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UNITED STATES
SECURITIES AND EXCHANGE COMMISSION
Washington, D.C. 20549
______________
FORM 10-Q
    QUARTERLY REPORT PURSUANT TO SECTION 13 or 15(d) OF THE SECURITIES EXCHANGE ACT OF 1934
For the quarterly period ended June 30, 2023
or
    TRANSITION REPORT PURSUANT TO SECTION 13 or 15(d) OF THE SECURITIES EXCHANGE ACT OF 1934
For the transition period from __________ to __________
Commission File Number: 001-40998
Weave Communications, Inc.
(Exact name of registrant as specified in its charter)

Delaware26-3302902
(State or other jurisdiction of incorporation or organization)
(I.R.S. Employer Identification Number)
1331 West Powell Way
Lehi, Utah 84043
(Address of principal executive offices, including zip code)
(866) 439-2826
(Registrant's telephone number, including area code)
__________
Securities registered pursuant to Section 12(b) of the Act:
Title of each class:Trading symbol:Name of each exchange on which registered:
Common stock, par value $0.00001 per shareWEAVNew York Stock Exchange

Indicate by check mark whether the registrant: (1) has filed all reports required to be filed by Section 13 or 15(d) of the Securities Exchange Act of 1934 during the preceding 12 months (or for such shorter period that the registrant was required to file such reports), and (2) has been subject to such filing requirements for the past 90 days. Yes ☑   No  ☐
Indicate by check mark whether the registrant has submitted electronically and posted on its corporate Web site, if any, every Interactive Data File required to be submitted and posted pursuant to Rule 405 of Regulation S-T (§232.405 of this chapter) during the preceding 12 months (or for such shorter period that the registrant was required to submit and post such files). Yes  ☑  No  ☐



Indicate by check mark whether the Registrant is a large accelerated filer, an accelerated filer, a non-accelerated filer or a smaller reporting company. See definitions of “large accelerated filer,” “accelerated filer,” “smaller reporting company” and “emerging growth company” in Rule 12b-2 of the Exchange Act.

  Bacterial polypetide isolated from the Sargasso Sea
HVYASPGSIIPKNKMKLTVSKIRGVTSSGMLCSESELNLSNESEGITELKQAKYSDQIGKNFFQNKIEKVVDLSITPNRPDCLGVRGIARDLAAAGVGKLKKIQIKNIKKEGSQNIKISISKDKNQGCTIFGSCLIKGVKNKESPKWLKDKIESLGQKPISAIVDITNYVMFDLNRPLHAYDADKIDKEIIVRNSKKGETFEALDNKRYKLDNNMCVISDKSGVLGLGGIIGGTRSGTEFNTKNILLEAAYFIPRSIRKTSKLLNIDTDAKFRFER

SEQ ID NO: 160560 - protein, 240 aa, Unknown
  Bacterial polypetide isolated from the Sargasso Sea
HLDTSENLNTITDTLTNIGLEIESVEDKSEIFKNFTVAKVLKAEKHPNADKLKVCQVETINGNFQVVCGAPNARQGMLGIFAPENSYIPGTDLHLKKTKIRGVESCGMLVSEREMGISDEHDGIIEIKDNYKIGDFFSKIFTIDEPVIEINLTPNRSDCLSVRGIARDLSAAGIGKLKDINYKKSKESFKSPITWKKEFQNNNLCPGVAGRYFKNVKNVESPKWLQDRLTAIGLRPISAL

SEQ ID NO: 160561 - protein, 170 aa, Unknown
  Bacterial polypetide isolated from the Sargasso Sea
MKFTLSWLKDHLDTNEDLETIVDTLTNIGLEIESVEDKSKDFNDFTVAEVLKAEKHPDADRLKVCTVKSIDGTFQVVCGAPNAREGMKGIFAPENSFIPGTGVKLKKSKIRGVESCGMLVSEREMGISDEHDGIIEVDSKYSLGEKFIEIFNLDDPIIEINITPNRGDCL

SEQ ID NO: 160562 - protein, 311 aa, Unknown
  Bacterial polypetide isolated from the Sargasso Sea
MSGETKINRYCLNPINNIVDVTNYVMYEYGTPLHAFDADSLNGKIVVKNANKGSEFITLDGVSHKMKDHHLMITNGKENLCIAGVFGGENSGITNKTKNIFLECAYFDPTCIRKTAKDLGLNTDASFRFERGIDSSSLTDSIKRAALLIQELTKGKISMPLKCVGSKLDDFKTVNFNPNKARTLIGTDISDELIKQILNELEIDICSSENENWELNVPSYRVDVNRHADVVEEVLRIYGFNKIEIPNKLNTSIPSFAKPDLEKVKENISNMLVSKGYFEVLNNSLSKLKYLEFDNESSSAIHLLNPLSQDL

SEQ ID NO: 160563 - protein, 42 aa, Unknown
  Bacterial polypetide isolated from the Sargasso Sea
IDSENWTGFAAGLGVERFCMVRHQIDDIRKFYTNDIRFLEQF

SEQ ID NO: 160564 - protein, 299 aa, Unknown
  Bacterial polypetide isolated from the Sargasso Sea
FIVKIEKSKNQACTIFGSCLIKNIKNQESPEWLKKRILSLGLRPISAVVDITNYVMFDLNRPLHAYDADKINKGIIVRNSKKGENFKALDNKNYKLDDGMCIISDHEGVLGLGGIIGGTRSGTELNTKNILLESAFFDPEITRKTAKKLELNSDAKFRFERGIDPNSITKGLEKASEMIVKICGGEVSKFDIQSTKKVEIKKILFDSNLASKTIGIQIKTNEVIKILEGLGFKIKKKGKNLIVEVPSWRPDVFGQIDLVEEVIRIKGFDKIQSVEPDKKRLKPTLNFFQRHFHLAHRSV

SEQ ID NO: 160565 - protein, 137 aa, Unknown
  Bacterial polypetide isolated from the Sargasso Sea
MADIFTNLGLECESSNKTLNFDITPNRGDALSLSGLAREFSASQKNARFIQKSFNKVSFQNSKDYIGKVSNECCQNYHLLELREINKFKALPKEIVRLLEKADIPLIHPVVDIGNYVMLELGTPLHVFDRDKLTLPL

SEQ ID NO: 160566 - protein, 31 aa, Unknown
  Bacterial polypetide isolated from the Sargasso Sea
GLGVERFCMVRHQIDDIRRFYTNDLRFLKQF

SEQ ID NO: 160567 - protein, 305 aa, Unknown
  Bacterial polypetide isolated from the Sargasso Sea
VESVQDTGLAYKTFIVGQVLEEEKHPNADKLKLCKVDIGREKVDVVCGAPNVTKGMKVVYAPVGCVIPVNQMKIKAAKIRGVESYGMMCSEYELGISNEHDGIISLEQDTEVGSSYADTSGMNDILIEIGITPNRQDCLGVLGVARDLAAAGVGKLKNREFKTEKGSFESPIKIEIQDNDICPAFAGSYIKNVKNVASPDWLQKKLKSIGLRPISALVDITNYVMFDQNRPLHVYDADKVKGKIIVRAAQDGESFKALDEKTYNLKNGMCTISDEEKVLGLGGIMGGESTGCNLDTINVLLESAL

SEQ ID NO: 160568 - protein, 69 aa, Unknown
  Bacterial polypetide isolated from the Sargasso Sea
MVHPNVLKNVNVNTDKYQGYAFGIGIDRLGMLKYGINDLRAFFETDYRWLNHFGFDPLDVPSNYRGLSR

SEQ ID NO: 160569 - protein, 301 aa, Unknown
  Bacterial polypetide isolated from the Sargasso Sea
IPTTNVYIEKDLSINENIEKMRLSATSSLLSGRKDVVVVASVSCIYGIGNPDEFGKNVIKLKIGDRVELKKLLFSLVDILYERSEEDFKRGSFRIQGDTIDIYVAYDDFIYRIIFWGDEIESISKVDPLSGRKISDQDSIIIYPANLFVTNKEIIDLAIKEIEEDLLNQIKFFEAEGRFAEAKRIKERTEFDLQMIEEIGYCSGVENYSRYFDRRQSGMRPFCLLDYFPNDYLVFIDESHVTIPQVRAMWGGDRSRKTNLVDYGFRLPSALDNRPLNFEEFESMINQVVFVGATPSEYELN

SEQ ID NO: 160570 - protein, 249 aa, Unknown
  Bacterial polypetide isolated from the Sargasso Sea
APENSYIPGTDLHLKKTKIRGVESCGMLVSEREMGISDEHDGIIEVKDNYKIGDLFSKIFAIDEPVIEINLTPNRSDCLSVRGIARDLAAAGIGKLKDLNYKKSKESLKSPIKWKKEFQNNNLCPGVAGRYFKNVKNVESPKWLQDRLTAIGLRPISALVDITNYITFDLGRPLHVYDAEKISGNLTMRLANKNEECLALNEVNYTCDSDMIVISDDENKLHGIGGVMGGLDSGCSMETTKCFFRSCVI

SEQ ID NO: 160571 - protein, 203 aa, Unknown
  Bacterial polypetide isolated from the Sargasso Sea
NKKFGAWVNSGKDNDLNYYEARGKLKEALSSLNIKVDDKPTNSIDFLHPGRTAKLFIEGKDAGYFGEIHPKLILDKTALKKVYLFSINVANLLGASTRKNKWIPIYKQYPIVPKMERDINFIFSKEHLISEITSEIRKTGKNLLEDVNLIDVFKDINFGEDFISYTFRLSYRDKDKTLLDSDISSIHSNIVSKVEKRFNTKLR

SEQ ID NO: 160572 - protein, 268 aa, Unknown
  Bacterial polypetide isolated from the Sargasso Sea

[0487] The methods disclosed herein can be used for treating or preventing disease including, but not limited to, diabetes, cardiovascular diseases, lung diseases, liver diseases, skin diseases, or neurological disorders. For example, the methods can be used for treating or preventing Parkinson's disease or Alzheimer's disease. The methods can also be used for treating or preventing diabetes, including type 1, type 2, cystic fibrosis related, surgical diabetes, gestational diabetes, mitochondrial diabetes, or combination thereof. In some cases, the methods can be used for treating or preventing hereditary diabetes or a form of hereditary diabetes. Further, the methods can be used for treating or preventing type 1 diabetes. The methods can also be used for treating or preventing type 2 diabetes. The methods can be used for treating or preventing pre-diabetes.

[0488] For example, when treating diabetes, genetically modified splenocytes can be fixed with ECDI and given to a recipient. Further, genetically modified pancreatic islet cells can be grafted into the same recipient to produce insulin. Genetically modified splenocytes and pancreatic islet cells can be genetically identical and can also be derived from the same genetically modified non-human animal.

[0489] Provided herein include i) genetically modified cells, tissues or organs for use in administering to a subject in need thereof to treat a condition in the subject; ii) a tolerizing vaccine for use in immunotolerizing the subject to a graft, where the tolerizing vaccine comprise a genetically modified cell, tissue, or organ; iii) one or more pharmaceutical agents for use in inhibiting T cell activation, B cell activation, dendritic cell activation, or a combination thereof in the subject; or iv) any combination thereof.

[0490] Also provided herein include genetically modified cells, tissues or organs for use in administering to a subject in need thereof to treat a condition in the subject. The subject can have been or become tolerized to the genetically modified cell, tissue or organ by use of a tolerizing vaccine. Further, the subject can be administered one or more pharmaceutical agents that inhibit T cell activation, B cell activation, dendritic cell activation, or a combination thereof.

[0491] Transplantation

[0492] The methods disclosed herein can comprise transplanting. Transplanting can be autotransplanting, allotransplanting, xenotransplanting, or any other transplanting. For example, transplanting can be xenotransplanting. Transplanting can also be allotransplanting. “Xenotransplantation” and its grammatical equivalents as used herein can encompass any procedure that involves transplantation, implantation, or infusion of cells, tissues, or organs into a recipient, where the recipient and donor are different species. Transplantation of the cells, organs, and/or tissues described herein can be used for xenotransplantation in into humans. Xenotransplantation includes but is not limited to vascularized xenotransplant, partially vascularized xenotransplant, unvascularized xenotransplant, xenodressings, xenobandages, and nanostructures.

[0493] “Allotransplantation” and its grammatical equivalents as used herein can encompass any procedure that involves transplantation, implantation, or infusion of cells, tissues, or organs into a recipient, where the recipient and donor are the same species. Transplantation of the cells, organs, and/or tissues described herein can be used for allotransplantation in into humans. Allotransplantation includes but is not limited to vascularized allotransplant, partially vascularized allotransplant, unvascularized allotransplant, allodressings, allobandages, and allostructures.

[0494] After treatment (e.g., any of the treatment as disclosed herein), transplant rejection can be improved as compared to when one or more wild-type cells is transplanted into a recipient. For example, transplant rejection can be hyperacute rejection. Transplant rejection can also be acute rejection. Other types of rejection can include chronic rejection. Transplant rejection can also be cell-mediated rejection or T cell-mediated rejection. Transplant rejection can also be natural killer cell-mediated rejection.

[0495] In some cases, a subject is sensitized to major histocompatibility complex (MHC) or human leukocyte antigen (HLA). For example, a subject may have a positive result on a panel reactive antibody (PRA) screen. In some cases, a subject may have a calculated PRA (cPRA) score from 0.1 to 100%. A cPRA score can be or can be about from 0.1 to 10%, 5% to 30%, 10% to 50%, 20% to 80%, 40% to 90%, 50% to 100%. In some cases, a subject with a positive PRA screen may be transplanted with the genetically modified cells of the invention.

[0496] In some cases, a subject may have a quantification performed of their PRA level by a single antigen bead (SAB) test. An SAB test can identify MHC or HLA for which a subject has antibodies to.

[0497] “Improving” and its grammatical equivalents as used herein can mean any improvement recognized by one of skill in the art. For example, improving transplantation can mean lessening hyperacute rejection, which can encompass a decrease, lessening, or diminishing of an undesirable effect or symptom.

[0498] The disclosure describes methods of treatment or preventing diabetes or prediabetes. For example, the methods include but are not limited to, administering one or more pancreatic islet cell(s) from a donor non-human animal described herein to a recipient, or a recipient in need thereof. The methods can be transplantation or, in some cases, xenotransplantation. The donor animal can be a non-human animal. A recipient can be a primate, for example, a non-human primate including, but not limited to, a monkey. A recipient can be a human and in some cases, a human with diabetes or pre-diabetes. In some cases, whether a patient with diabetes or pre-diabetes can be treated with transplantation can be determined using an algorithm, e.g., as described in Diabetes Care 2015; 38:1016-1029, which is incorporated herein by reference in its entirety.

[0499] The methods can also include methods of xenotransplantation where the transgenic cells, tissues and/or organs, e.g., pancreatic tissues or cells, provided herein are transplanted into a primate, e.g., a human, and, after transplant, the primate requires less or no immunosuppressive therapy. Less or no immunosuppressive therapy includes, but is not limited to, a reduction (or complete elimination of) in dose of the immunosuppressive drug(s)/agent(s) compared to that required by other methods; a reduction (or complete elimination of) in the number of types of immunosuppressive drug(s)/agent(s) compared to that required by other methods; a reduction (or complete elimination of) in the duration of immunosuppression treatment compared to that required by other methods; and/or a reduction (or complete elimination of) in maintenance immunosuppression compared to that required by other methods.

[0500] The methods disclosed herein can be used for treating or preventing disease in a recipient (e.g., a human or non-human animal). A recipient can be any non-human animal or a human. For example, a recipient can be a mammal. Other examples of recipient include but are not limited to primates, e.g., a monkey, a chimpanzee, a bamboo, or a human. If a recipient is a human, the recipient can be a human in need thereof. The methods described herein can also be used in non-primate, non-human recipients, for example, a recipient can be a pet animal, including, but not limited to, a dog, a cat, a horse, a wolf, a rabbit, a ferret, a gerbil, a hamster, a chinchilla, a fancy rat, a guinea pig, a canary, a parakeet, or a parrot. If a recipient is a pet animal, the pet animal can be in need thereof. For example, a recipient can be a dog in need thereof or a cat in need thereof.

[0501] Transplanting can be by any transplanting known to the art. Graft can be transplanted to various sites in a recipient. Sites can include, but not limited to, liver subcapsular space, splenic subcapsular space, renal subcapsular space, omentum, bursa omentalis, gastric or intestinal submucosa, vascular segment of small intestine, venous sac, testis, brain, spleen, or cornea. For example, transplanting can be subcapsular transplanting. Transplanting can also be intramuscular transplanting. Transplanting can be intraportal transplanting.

Large accelerated filer
Accelerated filer
Non-accelerated filerSmaller reporting company
Emerging growth company
If an emerging growth company, indicate by check mark if the registrant has elected not to use the extended transition period for complying with any new or revised financial accounting standards provided pursuant to Section 13(a) of the Exchange Act.   
Indicate by check mark whether the registrant is a shell company (as defined in Rule 12b-2 of the Exchange Act). Yes  ☐  No  
As of August 4, 2023, the registrant had 67,548,360 shares of common stock, par value $0.00001 per share, outstanding.



WEAVE COMMUNICATIONS, INC.
FORM 10-Q FOR THE QUARTER ENDED JUNE 30, 2023
TABLE OF CONTENTS






Page
PART I.
Item 1.
Item 2.
Item 3.
Item 4.
PART II.
Item 1.
Item 1A.
Risk Factors
Item 6.



Special Note Regarding Forward-Looking Statements
This Quarterly Report on Form 10-Q contains forward-looking statements. All statements contained in this Quarterly Report on Form 10-Q other than statements of historical fact, including statements regarding our future results of operations, financial position, market size and opportunity, our business strategy and plans, the factors affecting our performance and our objectives for future operations, are forward-looking statements that are subject to the safe harbors created under the Securities Act of 1933, as amended, (the “Securities Act”) and the Securities Exchange Act of 1934, as amended, (the “Exchange Act”). The words “believe,” “may,” “will,” “estimate,” “continue,” “anticipate,” “intend,” “could,” “would,” “expect,” “objective,” “plan,” “potential,” “seek,” “grow,” “target,” “if” and similar expressions are intended to identify forward-looking statements. We have based these forward-looking statements largely on our current expectations and projections about future events and trends that we believe may affect our financial condition, results of operations, business strategy, short-term and long-term business operations and objectives and financial needs. These forward-looking statements are subject to a number of risks, uncertainties and assumptions, including those described in the section titled “Risk Factors” listed under Part II, Item 1A of this Quarterly Report on Form 10-Q and in our other filings with the Securities and Exchange Commission. Moreover, we operate in a very competitive and rapidly changing environment. New risks emerge from time to time. It is not possible for our management to predict all risks, nor can we assess the impact of all factors on our business or the extent to which any factor, or combination of factors, may cause actual results to differ materially from those contained in any forward-looking statements we may make. In light of these risks, uncertainties and assumptions, the future events and trends discussed in this Quarterly Report on Form 10-Q may not occur and actual results could differ materially and adversely from those anticipated or implied in the forward-looking statements. Forward-looking statements contained in this Quarterly Report on Form 10-Q include, but are not limited to, statements about:
our expectations regarding our results of operations, including gross margin, financial condition and cash flows;
our expectations regarding the development and expansion of our business;
anticipated trends, challenges and opportunities in our business and in the markets in which we operate;
increasing inflation and interest rates;
our ability to expand our customer base and expand sales to existing customers;